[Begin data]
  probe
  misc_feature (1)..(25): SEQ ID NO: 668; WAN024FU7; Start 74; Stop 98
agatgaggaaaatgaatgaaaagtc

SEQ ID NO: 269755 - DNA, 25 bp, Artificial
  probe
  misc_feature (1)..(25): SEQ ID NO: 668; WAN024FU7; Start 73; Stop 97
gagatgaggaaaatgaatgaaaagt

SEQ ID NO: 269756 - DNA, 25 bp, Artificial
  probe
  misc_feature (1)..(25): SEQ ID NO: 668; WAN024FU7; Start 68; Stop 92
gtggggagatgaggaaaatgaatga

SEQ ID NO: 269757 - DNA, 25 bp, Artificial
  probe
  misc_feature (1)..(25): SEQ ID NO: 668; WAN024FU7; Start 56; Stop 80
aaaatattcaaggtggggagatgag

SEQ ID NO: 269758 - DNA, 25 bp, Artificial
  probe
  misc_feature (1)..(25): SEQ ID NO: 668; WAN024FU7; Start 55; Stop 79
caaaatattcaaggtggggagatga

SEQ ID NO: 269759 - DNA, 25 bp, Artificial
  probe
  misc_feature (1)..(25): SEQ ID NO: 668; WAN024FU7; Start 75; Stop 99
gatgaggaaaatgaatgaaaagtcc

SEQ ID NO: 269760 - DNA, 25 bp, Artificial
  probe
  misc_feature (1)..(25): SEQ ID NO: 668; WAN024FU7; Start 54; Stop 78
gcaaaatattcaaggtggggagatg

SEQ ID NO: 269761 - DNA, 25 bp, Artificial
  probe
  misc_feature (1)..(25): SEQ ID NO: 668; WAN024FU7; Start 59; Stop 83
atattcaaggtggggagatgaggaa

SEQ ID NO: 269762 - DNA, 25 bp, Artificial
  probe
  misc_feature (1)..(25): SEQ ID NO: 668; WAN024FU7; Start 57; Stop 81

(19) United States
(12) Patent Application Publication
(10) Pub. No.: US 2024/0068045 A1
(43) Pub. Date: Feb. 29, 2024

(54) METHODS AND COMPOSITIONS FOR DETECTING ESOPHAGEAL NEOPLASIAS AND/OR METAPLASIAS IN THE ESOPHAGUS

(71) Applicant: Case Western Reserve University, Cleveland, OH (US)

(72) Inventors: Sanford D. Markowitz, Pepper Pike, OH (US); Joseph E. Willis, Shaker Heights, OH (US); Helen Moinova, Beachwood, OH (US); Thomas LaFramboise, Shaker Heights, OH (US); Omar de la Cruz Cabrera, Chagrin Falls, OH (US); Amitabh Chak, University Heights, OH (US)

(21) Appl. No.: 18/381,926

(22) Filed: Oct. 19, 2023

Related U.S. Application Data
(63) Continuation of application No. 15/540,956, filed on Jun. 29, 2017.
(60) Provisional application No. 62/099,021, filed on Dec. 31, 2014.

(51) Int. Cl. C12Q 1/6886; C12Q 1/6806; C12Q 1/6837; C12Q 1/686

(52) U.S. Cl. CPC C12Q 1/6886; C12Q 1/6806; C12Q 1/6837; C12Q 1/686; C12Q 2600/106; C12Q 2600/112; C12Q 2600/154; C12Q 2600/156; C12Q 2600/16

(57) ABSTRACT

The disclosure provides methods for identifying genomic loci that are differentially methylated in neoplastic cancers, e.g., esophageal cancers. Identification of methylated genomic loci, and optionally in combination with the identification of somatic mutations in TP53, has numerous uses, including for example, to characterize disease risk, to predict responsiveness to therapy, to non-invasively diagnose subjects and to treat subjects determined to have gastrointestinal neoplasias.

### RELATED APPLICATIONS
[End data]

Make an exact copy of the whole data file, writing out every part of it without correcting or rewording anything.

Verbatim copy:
  probe
  misc_feature (1)..(25): SEQ ID NO: 668; WAN024FU7; Start 74; Stop 98
agatgaggaaaatgaatgaaaagtc

SEQ ID NO: 269755 - DNA, 25 bp, Artificial
  probe
  misc_feature (1)..(25): SEQ ID NO: 668; WAN024FU7; Start 73; Stop 97
gagatgaggaaaatgaatgaaaagt

SEQ ID NO: 269756 - DNA, 25 bp, Artificial
  probe
  misc_feature (1)..(25): SEQ ID NO: 668; WAN024FU7; Start 68; Stop 92
gtggggagatgaggaaaatgaatga

SEQ ID NO: 269757 - DNA, 25 bp, Artificial
  probe
  misc_feature (1)..(25): SEQ ID NO: 668; WAN024FU7; Start 56; Stop 80
aaaatattcaaggtggggagatgag

SEQ ID NO: 269758 - DNA, 25 bp, Artificial
  probe
  misc_feature (1)..(25): SEQ ID NO: 668; WAN024FU7; Start 55; Stop 79
caaaatattcaaggtggggagatga

SEQ ID NO: 269759 - DNA, 25 bp, Artificial
  probe
  misc_feature (1)..(25): SEQ ID NO: 668; WAN024FU7; Start 75; Stop 99
gatgaggaaaatgaatgaaaagtcc

SEQ ID NO: 269760 - DNA, 25 bp, Artificial
  probe
  misc_feature (1)..(25): SEQ ID NO: 668; WAN024FU7; Start 54; Stop 78
gcaaaatattcaaggtggggagatg

SEQ ID NO: 269761 - DNA, 25 bp, Artificial
  probe
  misc_feature (1)..(25): SEQ ID NO: 668; WAN024FU7; Start 59; Stop 83
atattcaaggtggggagatgaggaa

SEQ ID NO: 269762 - DNA, 25 bp, Artificial
  probe
  misc_feature (1)..(25): SEQ ID NO: 668; WAN024FU7; Start 57; Stop 81

(19) United States
(12) Patent Application Publication
(10) Pub. No.: US 2024/0068045 A1
(43) Pub. Date: Feb. 29, 2024

(54) METHODS AND COMPOSITIONS FOR DETECTING ESOPHAGEAL NEOPLASIAS AND/OR METAPLASIAS IN THE ESOPHAGUS

(71) Applicant: Case Western Reserve University, Cleveland, OH (US)

(72) Inventors: Sanford D. Markowitz, Pepper Pike, OH (US); Joseph E. Willis, Shaker Heights, OH (US); Helen Moinova, Beachwood, OH (US); Thomas LaFramboise, Shaker Heights, OH (US); Omar de la Cruz Cabrera, Chagrin Falls, OH (US); Amitabh Chak, University Heights, OH (US)

(21) Appl. No.: 18/381,926

(22) Filed: Oct. 19, 2023

Related U.S. Application Data
(63) Continuation of application No. 15/540,956, filed on Jun. 29, 2017.
(60) Provisional application No. 62/099,021, filed on Dec. 31, 2014.

(51) Int. Cl. C12Q 1/6886; C12Q 1/6806; C12Q 1/6837; C12Q 1/686

(52) U.S. Cl. CPC C12Q 1/6886; C12Q 1/6806; C12Q 1/6837; C12Q 1/686; C12Q 2600/106; C12Q 2600/112; C12Q 2600/154; C12Q 2600/156; C12Q 2600/16

(57) ABSTRACT

The disclosure provides methods for identifying genomic loci that are differentially methylated in neoplastic cancers, e.g., esophageal cancers. Identification of methylated genomic loci, and optionally in combination with the identification of somatic mutations in TP53, has numerous uses, including for example, to characterize disease risk, to predict responsiveness to therapy, to non-invasively diagnose subjects and to treat subjects determined to have gastrointestinal neoplasias.

### RELATED APPLICATIONS